What Happens to the People Who Can’t Buy A Cigar?

The “biggest cigar smoker in the world” has a secret.

The man behind the #1 cigar brand in the US, Tobacconist, doesn’t smoke cigars at all.

When asked what he does with the cigars he sells, he simply says he doesn’t know.

But Tobacist is just one of the many cigar brands that have struggled in the wake of the massive uptick in demand.

Many other brands, including Cigar Aficionado, are suffering as well.

Some brands are struggling because they’re competing with premium cigars, which aren’t cheap.

But some are struggling even more because their cigars aren’t going to sell.

The “cigar apocalypse” is a major concern for many cigar connoisseurs, and it’s no wonder: The industry has been suffering from a shortage of premium cigars for years.

According to a recent report from Cigar Digest, the number of premium cigar sales has fallen by nearly a third since 2012, to about 14 million cigars per year.

And yet, many cigar smokers are not only buying premium cigars and smoking them at a higher rate than ever before, but they’re also choosing to save up for them.

Cigar aficionados are saving up to double their spending to purchase premium cigars.

According, Cigar Warehouse, cigar aficionads spend over $50,000 per year on cigars.

This is a lot of money to spend on a premium cigar, but if you’re not buying it for a good reason, then why would you?

As the demand for premium cigars has exploded, many companies have responded by slashing prices on their cigars.

Cigars like the La Flor Dominicana, La Flora and the Fuente Tabacos are slashing prices for a number of reasons.

Most importantly, they’re cutting back on the number and type of cigars they sell.

Many of these companies have started to sell smaller sizes of their cigars at a cheaper price.

These smaller sizes also allow the brands to focus on the niche markets they already have.

For instance, Fuente has cut the number in size down from an average of 5.5 inches to just 2.5.

It’s this focus on niche markets that has led to an increase in demand for the Fuentes and the La Fortunas.

But it’s not just premium cigars that are facing a shortage.

The trend toward smaller size cigars has led some cigar aficias to start selling less expensive cigars, as well, with many companies doing this in an attempt to compete with premium brands.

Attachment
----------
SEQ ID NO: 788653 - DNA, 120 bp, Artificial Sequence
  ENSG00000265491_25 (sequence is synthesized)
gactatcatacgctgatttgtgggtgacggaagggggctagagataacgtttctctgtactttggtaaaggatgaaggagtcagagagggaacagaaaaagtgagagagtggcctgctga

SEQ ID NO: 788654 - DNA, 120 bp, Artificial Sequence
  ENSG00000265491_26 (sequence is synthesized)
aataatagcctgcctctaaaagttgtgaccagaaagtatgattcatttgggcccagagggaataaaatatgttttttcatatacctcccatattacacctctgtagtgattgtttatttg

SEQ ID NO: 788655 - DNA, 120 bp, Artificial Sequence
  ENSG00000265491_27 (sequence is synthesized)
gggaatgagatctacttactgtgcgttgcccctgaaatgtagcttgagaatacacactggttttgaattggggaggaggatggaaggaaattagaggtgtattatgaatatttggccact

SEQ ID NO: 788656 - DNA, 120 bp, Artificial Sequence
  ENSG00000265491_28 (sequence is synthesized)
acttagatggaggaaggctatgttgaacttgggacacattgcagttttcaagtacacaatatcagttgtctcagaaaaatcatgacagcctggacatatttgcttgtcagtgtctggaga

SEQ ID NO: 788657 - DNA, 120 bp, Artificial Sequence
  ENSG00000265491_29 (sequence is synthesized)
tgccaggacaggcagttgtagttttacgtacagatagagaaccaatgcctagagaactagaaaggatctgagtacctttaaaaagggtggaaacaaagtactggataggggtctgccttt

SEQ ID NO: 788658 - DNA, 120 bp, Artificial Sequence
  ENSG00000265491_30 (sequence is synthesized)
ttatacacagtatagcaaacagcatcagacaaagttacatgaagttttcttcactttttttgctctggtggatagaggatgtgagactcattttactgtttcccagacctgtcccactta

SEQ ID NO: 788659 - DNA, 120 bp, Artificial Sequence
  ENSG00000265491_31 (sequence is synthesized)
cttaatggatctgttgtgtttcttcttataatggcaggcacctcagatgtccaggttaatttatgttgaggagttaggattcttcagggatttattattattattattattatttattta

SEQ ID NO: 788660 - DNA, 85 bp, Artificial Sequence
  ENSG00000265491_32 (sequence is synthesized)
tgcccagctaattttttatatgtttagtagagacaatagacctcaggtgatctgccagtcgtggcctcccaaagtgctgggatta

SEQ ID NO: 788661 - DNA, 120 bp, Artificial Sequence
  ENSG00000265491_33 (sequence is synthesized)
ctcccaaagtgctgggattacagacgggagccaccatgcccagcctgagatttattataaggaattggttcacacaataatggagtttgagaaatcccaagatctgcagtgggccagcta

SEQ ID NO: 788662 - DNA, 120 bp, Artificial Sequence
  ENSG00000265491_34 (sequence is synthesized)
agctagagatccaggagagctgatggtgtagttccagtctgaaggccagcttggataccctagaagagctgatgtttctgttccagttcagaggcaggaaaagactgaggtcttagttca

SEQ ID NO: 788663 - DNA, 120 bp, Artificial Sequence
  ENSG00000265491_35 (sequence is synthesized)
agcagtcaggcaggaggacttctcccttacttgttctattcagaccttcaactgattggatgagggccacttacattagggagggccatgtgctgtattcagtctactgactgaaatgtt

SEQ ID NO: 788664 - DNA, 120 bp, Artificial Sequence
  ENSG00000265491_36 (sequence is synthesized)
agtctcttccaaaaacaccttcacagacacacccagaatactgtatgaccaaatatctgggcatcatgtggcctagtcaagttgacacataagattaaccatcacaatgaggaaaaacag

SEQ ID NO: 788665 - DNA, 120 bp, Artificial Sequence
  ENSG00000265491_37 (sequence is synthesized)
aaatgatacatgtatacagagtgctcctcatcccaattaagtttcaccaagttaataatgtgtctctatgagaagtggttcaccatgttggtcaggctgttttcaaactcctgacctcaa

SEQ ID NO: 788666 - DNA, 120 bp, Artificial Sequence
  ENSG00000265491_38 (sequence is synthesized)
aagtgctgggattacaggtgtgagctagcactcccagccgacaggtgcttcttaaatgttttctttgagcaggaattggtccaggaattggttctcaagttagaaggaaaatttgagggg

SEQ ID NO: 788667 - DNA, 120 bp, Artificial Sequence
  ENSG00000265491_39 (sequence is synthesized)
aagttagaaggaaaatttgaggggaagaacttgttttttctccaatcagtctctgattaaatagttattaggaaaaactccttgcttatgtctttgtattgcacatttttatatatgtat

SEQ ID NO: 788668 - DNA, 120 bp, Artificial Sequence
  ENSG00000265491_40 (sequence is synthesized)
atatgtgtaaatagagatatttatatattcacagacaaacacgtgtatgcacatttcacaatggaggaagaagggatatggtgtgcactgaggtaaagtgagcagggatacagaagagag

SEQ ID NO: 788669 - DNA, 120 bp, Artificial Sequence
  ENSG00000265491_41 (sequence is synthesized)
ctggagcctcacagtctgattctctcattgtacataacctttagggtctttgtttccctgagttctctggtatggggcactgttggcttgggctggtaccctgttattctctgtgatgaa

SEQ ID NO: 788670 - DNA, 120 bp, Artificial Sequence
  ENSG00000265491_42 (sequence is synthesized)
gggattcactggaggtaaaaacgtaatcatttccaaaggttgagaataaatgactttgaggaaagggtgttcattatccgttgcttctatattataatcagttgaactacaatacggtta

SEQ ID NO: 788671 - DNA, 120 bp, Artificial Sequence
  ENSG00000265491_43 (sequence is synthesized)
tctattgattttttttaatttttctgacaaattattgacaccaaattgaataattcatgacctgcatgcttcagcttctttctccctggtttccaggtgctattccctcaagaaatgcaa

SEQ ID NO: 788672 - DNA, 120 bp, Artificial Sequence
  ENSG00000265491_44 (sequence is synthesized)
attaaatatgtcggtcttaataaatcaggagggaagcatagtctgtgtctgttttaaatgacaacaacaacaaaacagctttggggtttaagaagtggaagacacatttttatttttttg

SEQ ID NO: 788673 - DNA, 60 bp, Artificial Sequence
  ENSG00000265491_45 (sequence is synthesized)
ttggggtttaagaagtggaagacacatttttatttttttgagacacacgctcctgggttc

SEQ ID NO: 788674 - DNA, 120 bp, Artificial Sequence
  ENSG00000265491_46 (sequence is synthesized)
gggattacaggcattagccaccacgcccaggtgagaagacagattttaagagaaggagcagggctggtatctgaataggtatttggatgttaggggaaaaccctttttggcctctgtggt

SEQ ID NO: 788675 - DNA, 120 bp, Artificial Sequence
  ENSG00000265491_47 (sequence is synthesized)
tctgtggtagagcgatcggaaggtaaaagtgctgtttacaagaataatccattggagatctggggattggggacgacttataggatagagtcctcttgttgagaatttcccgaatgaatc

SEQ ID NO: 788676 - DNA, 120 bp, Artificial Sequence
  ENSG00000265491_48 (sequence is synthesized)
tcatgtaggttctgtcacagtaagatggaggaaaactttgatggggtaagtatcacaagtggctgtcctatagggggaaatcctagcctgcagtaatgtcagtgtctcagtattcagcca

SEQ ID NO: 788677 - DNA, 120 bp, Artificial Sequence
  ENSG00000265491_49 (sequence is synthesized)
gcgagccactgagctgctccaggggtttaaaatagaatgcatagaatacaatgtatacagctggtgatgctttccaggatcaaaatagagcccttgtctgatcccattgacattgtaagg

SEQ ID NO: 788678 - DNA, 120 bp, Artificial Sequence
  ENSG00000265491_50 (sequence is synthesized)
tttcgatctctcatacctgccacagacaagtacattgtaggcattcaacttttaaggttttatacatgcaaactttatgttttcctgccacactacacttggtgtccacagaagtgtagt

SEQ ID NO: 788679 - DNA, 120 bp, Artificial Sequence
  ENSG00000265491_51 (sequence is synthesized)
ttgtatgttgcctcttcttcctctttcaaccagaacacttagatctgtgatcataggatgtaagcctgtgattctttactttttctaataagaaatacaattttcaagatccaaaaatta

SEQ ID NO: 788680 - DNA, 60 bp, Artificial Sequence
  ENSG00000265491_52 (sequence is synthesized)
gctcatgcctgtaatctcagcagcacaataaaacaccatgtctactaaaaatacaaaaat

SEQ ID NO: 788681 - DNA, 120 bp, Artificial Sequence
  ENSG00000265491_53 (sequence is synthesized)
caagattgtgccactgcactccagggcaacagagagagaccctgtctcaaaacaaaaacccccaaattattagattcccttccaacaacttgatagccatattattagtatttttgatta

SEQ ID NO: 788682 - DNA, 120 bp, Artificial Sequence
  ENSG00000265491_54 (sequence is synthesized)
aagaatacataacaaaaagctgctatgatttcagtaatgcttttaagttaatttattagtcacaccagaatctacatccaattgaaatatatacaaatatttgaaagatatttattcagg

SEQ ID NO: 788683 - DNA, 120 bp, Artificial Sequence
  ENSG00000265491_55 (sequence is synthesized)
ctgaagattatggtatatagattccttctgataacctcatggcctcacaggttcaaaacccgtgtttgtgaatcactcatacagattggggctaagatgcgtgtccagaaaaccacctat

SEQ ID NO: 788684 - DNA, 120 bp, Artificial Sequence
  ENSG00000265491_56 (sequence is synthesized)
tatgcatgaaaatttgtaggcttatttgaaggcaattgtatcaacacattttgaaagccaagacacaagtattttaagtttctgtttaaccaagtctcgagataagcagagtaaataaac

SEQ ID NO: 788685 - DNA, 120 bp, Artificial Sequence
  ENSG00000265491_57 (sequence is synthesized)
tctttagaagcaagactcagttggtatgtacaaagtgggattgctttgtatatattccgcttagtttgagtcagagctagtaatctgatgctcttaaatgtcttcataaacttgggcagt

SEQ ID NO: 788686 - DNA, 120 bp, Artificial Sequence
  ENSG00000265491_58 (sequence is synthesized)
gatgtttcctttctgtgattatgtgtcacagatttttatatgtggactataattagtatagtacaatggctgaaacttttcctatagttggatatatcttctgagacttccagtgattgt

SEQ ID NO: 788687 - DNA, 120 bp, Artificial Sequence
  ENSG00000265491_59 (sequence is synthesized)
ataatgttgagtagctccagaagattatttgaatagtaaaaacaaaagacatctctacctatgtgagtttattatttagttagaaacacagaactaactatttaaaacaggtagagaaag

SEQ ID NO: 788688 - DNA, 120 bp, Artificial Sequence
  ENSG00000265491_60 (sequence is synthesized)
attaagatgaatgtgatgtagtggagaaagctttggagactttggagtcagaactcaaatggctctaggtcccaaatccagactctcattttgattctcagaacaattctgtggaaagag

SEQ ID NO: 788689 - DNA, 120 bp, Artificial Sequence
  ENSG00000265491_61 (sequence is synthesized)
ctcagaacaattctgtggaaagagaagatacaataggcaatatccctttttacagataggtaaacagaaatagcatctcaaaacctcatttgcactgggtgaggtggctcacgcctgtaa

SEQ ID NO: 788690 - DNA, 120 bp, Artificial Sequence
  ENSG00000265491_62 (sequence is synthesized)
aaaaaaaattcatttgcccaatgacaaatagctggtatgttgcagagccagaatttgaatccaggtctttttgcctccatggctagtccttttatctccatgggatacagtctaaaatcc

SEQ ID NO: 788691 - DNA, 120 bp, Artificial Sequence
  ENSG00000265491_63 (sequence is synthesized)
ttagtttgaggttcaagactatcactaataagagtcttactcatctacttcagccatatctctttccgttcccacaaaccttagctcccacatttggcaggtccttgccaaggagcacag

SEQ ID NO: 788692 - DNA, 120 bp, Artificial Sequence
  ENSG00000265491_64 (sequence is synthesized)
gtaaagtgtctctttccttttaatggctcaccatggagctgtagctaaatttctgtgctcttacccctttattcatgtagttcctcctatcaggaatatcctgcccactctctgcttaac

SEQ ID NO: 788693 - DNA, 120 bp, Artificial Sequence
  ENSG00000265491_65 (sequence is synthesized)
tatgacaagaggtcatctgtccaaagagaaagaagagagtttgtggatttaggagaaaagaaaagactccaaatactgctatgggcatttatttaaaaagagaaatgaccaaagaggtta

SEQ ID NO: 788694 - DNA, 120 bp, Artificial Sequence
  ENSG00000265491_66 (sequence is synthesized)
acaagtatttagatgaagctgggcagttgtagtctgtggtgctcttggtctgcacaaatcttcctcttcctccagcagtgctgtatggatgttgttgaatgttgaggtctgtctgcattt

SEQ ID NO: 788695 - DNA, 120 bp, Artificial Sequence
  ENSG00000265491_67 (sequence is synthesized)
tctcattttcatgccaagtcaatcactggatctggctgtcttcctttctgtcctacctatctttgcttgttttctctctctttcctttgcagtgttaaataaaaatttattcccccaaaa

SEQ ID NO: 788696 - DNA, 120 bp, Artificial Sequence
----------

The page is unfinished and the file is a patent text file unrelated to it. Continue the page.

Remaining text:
This means many cigar aficans have less money to buy their favorite brands, and many are being forced to find cheaper cigars, often for cheaper prices.

This trend isn’t limited to premium cigars either, as many cigar retailers are starting to see a drop in sales from premium brands like the Montecristo and Tatuaje.

Some of these smaller cigars are being replaced with cheaper brands, such as the La Liga, Tatuaja and the Maduro.

Some even have smaller sizes that don’t even include the premium tag, such the Corona, the Corona Gorda and even the Monte Cristo Corona.

These smaller size releases also mean smaller inventory.

The industry is starting to face a problem of limited supply, but it’s also one of supply and demand.

As cigar afics inventory is cut back, they are also seeing less demand for their most popular brands.

It’s no secret that premium cigars have long been popular in the cigar world.

Cigarette smokers have been using premium cigars since the 1930s, and premium cigars like the Liga Privada and Corona Gordas have become popular since the early 1990s.

But now that cigar aficas popularity has increased, the demand is becoming harder to find.

Cigarmen are being hit hard by this trend.

The average age of a cigar smoker is 40 years old, and cigar afican’s are aging faster than ever.

As cigar afia has become more popular, so has demand.

With fewer brands and more affordable cigars on the market, it’s harder for cigar afian’s to buy the premium brands that they want.

And that’s not even getting into the fact that many of the brands that are still popular are aging poorly.

With so many brands out there, it may be hard for a newbie to find a good cigar.

The only way to find one is to try one.

There are a number that are easy to find and affordable, and those brands have been the best selling in the industry for quite some time.

But what happens when cigar afias demand for a premium brand starts to decrease?

What happens when the demand starts to go down?

How do cigar afians save up their money?